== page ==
From the Loser
By Tim Drugan-Eppich
Staying in shape is effortless in the summer. The warm weather and the sunny days beckon you outside to enjoy nature and move your body. Whether hiking or playing frisbee, you burn off that cheesecake without a second thought. Your weight stays constant no matter what you eat, and all seems right with the world.
In the winter, it’s a little different.
The winter air does not beckon you outside for romping adventures; it demands with a frosty wind that you stay inside underneath a blanket on the couch. And the food, the food becomes so much more tantalizing, to the point where you make snacking a constant part of your day. All of the activities in summer remove food from the equation. It is difficult to play tennis while eating donuts. But in the winter, food is an intrinsic part of every activity, always available and always calling your name. I hope you can see what I’m getting at here. . .I get pretty chubby in the winter.
Sometime between Thanksgiving and Christmas is when I start to get concerned. On Thanksgiving I convince myself that a layer of fat would be a useful amenity for the winter, for warmth purposes, giving myself free rein to pack myself to capacity on the holiday, and for a couple weeks afterwards. It is in the area of two weeks later I realize my chub is getting quite noticeable, and the effort to slow the weight gain begins. But like I said, that’s easier said than done in winter.
I am not terribly interested in exercise for the sake of exercise. Other than a brief period freshman year when I convinced myself I could quickly become a bulky sex icon, I have successfully avoided the gym. It was a phase I left after realizing that instead of surrounding myself with women fawning over the amount of weight I lifted, I was sharing close quarters with other grunting, sweaty men.
My strategy is tricking myself to exercise, like bike to school, take the stairs, or call someone much larger than I am stupid and have them chase after me. This way, I can eat what I want without having to deal with locker rooms, spandex, or feeling self conscious because of the curious lack of hair on my legs. But this only works if there is the opportunity to move naturally throughout the day. In the winter, the possibilities are cut down considerably. It is much too cold to bike anywhere, so instead I get my morning exercise behind the wheel yelling at old women to drive faster. Extra walking outside to enjoy nature is now out of the question. In fact I will do anything I can to avoid exposing myself to the elements. I’m an expert at talking myself out of commitments, because really, how important is participating in society anyway? Winter is a time to stop actively having fun and hunker down to watch others take care of it for me on TV.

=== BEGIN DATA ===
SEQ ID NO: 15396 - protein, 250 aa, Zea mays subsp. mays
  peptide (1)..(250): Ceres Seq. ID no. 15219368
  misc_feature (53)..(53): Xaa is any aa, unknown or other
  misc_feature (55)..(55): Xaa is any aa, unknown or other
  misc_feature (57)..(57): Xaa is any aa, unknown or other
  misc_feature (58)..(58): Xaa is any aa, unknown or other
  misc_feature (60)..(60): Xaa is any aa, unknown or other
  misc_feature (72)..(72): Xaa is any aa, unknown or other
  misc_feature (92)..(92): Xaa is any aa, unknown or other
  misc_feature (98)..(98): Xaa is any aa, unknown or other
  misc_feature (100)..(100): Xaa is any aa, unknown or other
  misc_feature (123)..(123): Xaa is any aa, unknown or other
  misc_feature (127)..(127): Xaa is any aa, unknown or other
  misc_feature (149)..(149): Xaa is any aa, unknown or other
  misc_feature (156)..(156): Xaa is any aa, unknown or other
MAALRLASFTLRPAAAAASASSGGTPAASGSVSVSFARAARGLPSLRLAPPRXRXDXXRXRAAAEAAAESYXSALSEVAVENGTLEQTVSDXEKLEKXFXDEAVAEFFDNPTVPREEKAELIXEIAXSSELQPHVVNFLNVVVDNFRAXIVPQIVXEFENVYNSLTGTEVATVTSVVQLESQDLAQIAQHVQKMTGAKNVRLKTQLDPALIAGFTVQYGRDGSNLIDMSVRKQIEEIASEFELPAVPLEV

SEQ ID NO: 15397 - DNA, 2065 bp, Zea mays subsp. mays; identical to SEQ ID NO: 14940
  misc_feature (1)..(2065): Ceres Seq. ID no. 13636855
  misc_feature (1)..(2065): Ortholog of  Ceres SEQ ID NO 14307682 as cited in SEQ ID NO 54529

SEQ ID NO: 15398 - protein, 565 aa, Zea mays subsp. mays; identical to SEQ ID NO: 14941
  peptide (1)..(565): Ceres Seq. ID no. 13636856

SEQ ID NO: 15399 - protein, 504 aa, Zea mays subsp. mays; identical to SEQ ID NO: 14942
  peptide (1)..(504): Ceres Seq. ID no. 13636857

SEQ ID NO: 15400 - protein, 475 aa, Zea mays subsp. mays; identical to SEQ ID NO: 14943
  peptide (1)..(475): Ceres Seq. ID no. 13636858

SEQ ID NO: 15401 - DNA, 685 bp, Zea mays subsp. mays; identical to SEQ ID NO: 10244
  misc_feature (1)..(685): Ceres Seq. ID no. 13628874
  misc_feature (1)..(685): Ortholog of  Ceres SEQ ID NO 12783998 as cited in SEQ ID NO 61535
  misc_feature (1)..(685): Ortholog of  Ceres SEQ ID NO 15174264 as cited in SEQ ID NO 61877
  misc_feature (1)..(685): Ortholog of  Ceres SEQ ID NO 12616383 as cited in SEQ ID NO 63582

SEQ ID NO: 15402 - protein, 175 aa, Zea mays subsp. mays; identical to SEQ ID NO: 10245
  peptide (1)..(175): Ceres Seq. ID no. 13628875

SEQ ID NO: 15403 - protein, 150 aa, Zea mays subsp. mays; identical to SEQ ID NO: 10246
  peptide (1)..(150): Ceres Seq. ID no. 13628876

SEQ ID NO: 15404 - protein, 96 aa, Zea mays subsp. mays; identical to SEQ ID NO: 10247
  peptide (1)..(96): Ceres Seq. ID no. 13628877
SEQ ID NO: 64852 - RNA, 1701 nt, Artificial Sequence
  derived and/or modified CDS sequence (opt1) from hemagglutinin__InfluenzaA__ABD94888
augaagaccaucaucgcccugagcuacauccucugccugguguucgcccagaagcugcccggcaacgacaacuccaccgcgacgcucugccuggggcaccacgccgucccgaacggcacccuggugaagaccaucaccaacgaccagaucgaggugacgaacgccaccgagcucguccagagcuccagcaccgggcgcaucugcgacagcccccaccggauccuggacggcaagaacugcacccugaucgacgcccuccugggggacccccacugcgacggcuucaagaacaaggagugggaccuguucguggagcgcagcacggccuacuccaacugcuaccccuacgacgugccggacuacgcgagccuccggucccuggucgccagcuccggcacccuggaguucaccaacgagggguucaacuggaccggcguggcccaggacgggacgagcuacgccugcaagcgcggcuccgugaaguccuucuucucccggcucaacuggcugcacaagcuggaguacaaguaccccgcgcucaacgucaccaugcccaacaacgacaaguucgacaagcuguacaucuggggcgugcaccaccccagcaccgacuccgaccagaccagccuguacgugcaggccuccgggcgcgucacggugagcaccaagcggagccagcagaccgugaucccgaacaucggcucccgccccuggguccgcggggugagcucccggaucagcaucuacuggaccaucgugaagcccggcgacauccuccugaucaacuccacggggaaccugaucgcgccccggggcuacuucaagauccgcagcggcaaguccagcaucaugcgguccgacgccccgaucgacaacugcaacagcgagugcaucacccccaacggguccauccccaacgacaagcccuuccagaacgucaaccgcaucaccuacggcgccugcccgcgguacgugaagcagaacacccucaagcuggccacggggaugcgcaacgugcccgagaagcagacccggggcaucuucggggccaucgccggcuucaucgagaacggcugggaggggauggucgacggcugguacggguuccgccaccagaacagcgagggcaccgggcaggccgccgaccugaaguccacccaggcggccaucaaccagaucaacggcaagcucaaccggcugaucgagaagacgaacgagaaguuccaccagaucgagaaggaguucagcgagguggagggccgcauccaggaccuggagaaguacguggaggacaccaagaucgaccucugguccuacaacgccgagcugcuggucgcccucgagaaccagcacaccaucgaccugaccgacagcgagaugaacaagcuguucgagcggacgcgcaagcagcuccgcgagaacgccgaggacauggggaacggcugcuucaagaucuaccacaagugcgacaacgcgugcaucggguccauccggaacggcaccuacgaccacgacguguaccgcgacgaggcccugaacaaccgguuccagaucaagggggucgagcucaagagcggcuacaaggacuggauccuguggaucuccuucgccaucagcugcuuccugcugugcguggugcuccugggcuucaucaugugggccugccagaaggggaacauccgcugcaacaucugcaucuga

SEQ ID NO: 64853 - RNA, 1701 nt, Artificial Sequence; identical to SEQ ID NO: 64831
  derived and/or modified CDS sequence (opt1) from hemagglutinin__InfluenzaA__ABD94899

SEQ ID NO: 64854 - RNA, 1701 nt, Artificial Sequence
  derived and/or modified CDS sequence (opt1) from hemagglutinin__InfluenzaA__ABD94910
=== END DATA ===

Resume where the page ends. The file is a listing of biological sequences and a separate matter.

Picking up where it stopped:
If I simply ate less during the winter it would all balance out, but the food I crave in the winter is much denser that what I want in the summer months. Fruit is delicious in the summer, but in the winter what really hits the spot is a chocolate brownie, accompanied by some hot chocolate, and perhaps with some shredded chocolate sprinkled on top…with some extra chocolate. What I’ve found is chocolate doesn’t sit as lightly as fruit, and the side effect is starkly noticeable weight gain.
You may be thinking when I just said “starkly noticeable” I meant starkly noticeable to myself. You’re probably picturing me standing distraught in front of my bathroom mirror, prodding and poking my doughy midsection. While I am sure that is a comical image, it is not what occurs. For some reason I cannot begin to understand, when I start to get fat, it all goes right to my face. Not my face so much as my jowls, or the area just beneath my jaw line. So the moment my body figures I have enough extra calories to set some aside for later, it slaps the fat right out in the open where everyone can see it. Like I said, starkly noticeable.
This has the obvious side effect of prompting a rapid change in dietary choices. Very quickly I am back to eating my oatmeal, sweet potatoes, and rice and beans, because where most people can get away with gaining 5 or even 10 pounds with nobody noticing, let alone commenting on it, I have had my mom say “Jeez, your face is getting fat!” after just a couple of extra pounds. In addition to a fat face, I have a brutally honest mother.
So when you step on that scale this winter and are distraught with the number that pops up, knowing you need to overhaul your diet, get back to the gym, or risk needing a new wardrobe, just remember this column. Because you may be getting a little chubby, but at least you don’t have a fat face.